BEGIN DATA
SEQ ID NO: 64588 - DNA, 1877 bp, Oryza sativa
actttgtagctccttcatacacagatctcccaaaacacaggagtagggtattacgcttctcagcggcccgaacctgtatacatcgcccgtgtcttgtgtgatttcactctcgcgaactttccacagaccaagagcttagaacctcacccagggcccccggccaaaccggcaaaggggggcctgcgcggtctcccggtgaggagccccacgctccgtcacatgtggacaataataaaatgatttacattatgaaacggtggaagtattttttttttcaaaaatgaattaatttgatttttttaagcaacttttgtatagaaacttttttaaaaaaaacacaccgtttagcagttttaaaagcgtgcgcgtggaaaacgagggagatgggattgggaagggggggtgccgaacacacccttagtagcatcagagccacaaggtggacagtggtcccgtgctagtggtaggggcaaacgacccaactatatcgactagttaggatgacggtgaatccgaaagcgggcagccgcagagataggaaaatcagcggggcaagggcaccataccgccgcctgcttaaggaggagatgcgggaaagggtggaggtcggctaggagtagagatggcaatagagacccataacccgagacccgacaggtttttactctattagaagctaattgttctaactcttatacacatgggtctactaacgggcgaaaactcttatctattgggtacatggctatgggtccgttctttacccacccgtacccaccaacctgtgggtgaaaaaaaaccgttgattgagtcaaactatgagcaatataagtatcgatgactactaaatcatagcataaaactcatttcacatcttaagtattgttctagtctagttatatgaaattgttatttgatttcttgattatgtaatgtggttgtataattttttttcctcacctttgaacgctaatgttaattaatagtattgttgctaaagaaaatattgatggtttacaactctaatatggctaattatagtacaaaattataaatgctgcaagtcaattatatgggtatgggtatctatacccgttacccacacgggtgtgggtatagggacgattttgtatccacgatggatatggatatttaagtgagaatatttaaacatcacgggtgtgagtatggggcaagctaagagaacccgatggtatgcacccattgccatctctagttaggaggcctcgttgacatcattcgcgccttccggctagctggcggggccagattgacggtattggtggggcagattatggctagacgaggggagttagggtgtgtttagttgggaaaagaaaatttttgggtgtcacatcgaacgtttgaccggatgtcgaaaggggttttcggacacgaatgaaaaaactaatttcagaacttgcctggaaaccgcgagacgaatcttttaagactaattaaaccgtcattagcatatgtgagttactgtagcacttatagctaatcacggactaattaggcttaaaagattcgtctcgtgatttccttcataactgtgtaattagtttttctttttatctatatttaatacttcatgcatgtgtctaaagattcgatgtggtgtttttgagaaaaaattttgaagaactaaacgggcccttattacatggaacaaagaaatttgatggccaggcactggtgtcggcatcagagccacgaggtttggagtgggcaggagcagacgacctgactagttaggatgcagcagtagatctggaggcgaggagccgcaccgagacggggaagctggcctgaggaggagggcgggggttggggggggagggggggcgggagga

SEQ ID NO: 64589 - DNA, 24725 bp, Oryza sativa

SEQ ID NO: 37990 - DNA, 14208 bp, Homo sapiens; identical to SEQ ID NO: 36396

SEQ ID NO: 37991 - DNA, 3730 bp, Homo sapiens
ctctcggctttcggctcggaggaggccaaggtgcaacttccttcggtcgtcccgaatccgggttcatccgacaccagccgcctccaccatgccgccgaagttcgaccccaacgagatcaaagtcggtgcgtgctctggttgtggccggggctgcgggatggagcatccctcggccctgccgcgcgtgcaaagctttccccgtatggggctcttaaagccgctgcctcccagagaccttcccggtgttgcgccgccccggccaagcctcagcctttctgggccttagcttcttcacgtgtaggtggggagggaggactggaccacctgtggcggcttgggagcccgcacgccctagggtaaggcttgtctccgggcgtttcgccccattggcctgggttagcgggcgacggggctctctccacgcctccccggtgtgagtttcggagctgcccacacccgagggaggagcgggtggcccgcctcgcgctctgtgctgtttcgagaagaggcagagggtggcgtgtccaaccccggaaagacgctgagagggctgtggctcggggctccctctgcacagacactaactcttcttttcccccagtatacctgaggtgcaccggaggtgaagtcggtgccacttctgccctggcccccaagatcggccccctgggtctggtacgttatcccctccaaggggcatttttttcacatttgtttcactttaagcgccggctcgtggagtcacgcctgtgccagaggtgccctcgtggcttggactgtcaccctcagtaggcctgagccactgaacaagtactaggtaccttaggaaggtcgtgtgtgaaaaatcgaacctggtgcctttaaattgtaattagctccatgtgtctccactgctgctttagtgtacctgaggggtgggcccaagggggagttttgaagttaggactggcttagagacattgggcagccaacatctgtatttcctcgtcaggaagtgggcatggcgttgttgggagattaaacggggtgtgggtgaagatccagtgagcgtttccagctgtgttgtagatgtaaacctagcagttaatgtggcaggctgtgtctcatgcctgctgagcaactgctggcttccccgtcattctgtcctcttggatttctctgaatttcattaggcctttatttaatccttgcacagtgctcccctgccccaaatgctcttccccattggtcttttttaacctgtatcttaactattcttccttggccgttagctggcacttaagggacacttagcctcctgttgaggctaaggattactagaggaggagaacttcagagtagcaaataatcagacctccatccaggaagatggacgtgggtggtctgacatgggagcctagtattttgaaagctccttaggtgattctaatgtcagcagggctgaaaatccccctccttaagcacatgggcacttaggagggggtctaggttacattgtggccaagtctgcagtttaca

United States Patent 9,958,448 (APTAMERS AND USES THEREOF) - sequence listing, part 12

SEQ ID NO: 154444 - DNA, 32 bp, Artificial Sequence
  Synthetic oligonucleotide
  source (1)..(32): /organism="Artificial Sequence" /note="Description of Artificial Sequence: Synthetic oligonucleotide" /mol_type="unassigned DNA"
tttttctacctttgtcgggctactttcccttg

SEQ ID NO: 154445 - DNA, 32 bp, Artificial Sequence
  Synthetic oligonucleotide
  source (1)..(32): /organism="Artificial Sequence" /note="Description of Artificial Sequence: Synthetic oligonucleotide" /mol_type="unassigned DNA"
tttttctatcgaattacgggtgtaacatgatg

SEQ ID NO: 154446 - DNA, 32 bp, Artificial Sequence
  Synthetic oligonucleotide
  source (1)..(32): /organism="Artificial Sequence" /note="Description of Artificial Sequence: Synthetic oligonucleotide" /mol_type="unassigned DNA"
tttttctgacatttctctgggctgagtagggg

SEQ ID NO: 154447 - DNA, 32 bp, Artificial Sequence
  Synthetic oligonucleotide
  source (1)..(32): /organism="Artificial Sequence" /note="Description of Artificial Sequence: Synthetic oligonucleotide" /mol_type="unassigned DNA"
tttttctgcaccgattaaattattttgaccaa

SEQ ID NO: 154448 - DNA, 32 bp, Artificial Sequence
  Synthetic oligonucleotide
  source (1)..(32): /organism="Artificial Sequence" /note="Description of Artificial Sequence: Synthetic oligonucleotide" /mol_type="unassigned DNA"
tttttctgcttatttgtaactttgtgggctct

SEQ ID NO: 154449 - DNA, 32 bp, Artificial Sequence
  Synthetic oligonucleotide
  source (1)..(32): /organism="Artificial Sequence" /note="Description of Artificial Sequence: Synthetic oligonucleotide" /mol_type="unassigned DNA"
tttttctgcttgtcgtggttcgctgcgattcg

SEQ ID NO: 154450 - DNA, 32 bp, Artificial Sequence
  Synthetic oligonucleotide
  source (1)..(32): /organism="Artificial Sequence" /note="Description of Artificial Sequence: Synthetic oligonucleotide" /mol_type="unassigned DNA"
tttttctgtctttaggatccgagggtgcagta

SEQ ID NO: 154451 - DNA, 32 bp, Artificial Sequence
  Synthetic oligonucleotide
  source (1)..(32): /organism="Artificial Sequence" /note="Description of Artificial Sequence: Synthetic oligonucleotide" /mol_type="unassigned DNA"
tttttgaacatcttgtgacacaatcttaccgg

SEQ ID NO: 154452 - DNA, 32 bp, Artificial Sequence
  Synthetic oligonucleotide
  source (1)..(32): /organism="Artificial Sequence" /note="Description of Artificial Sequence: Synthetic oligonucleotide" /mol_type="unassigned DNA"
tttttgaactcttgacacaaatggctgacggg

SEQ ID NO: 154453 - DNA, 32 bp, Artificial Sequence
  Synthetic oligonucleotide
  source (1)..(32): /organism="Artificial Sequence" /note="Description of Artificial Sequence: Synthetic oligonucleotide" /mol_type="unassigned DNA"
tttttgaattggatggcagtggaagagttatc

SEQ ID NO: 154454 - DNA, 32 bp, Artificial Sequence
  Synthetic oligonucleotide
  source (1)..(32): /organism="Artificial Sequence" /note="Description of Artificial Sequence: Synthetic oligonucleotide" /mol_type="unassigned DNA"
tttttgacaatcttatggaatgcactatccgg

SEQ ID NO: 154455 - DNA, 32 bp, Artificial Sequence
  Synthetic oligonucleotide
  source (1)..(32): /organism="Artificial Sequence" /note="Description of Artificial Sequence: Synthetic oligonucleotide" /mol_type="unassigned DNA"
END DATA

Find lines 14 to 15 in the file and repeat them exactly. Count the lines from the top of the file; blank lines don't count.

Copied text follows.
  source (1)..(32): /organism="Artificial Sequence" /note="Description of Artificial Sequence: Synthetic oligonucleotide" /mol_type="unassigned DNA"
tttttctatcgaattacgggtgtaacatgatg